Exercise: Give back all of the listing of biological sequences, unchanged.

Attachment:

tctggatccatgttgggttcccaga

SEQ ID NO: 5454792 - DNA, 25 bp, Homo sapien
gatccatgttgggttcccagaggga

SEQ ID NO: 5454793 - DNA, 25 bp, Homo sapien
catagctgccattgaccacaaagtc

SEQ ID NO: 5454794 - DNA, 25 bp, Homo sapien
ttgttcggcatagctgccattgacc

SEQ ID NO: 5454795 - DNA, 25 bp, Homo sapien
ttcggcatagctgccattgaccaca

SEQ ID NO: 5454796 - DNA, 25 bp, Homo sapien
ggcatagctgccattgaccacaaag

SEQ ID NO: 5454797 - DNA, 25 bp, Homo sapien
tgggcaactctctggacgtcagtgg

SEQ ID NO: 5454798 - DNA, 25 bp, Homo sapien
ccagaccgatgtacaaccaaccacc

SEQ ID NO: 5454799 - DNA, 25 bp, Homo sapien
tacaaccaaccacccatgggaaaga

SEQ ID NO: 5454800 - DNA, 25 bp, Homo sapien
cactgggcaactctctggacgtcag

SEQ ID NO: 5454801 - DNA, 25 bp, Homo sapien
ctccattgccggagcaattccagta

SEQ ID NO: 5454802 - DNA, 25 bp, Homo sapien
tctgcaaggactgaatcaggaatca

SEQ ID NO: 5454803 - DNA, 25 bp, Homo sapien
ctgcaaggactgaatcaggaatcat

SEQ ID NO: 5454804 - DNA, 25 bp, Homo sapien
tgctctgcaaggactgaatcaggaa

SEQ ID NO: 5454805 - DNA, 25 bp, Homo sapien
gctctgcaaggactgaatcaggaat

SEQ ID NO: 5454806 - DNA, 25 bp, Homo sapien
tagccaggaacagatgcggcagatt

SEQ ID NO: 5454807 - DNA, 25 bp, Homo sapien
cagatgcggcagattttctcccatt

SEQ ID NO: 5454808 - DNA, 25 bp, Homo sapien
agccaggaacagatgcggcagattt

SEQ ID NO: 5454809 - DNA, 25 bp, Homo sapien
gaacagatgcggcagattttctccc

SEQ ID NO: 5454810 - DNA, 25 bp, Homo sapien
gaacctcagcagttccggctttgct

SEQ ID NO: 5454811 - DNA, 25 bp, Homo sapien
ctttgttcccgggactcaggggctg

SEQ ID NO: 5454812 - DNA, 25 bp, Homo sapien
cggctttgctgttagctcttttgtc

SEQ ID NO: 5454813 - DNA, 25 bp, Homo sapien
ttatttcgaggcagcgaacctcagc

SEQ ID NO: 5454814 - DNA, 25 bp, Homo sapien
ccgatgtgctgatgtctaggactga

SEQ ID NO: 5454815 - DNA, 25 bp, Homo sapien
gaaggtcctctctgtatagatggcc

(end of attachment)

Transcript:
tctggatccatgttgggttcccaga

SEQ ID NO: 5454792 - DNA, 25 bp, Homo sapien
gatccatgttgggttcccagaggga

SEQ ID NO: 5454793 - DNA, 25 bp, Homo sapien
catagctgccattgaccacaaagtc

SEQ ID NO: 5454794 - DNA, 25 bp, Homo sapien
ttgttcggcatagctgccattgacc

SEQ ID NO: 5454795 - DNA, 25 bp, Homo sapien
ttcggcatagctgccattgaccaca

SEQ ID NO: 5454796 - DNA, 25 bp, Homo sapien
ggcatagctgccattgaccacaaag

SEQ ID NO: 5454797 - DNA, 25 bp, Homo sapien
tgggcaactctctggacgtcagtgg

SEQ ID NO: 5454798 - DNA, 25 bp, Homo sapien
ccagaccgatgtacaaccaaccacc

SEQ ID NO: 5454799 - DNA, 25 bp, Homo sapien
tacaaccaaccacccatgggaaaga

SEQ ID NO: 5454800 - DNA, 25 bp, Homo sapien
cactgggcaactctctggacgtcag

SEQ ID NO: 5454801 - DNA, 25 bp, Homo sapien
ctccattgccggagcaattccagta

SEQ ID NO: 5454802 - DNA, 25 bp, Homo sapien
tctgcaaggactgaatcaggaatca

SEQ ID NO: 5454803 - DNA, 25 bp, Homo sapien
ctgcaaggactgaatcaggaatcat

SEQ ID NO: 5454804 - DNA, 25 bp, Homo sapien
tgctctgcaaggactgaatcaggaa

SEQ ID NO: 5454805 - DNA, 25 bp, Homo sapien
gctctgcaaggactgaatcaggaat

SEQ ID NO: 5454806 - DNA, 25 bp, Homo sapien
tagccaggaacagatgcggcagatt

SEQ ID NO: 5454807 - DNA, 25 bp, Homo sapien
cagatgcggcagattttctcccatt

SEQ ID NO: 5454808 - DNA, 25 bp, Homo sapien
agccaggaacagatgcggcagattt

SEQ ID NO: 5454809 - DNA, 25 bp, Homo sapien
gaacagatgcggcagattttctccc

SEQ ID NO: 5454810 - DNA, 25 bp, Homo sapien
gaacctcagcagttccggctttgct

SEQ ID NO: 5454811 - DNA, 25 bp, Homo sapien
ctttgttcccgggactcaggggctg

SEQ ID NO: 5454812 - DNA, 25 bp, Homo sapien
cggctttgctgttagctcttttgtc

SEQ ID NO: 5454813 - DNA, 25 bp, Homo sapien
ttatttcgaggcagcgaacctcagc

SEQ ID NO: 5454814 - DNA, 25 bp, Homo sapien
ccgatgtgctgatgtctaggactga

SEQ ID NO: 5454815 - DNA, 25 bp, Homo sapien
gaaggtcctctctgtatagatggcc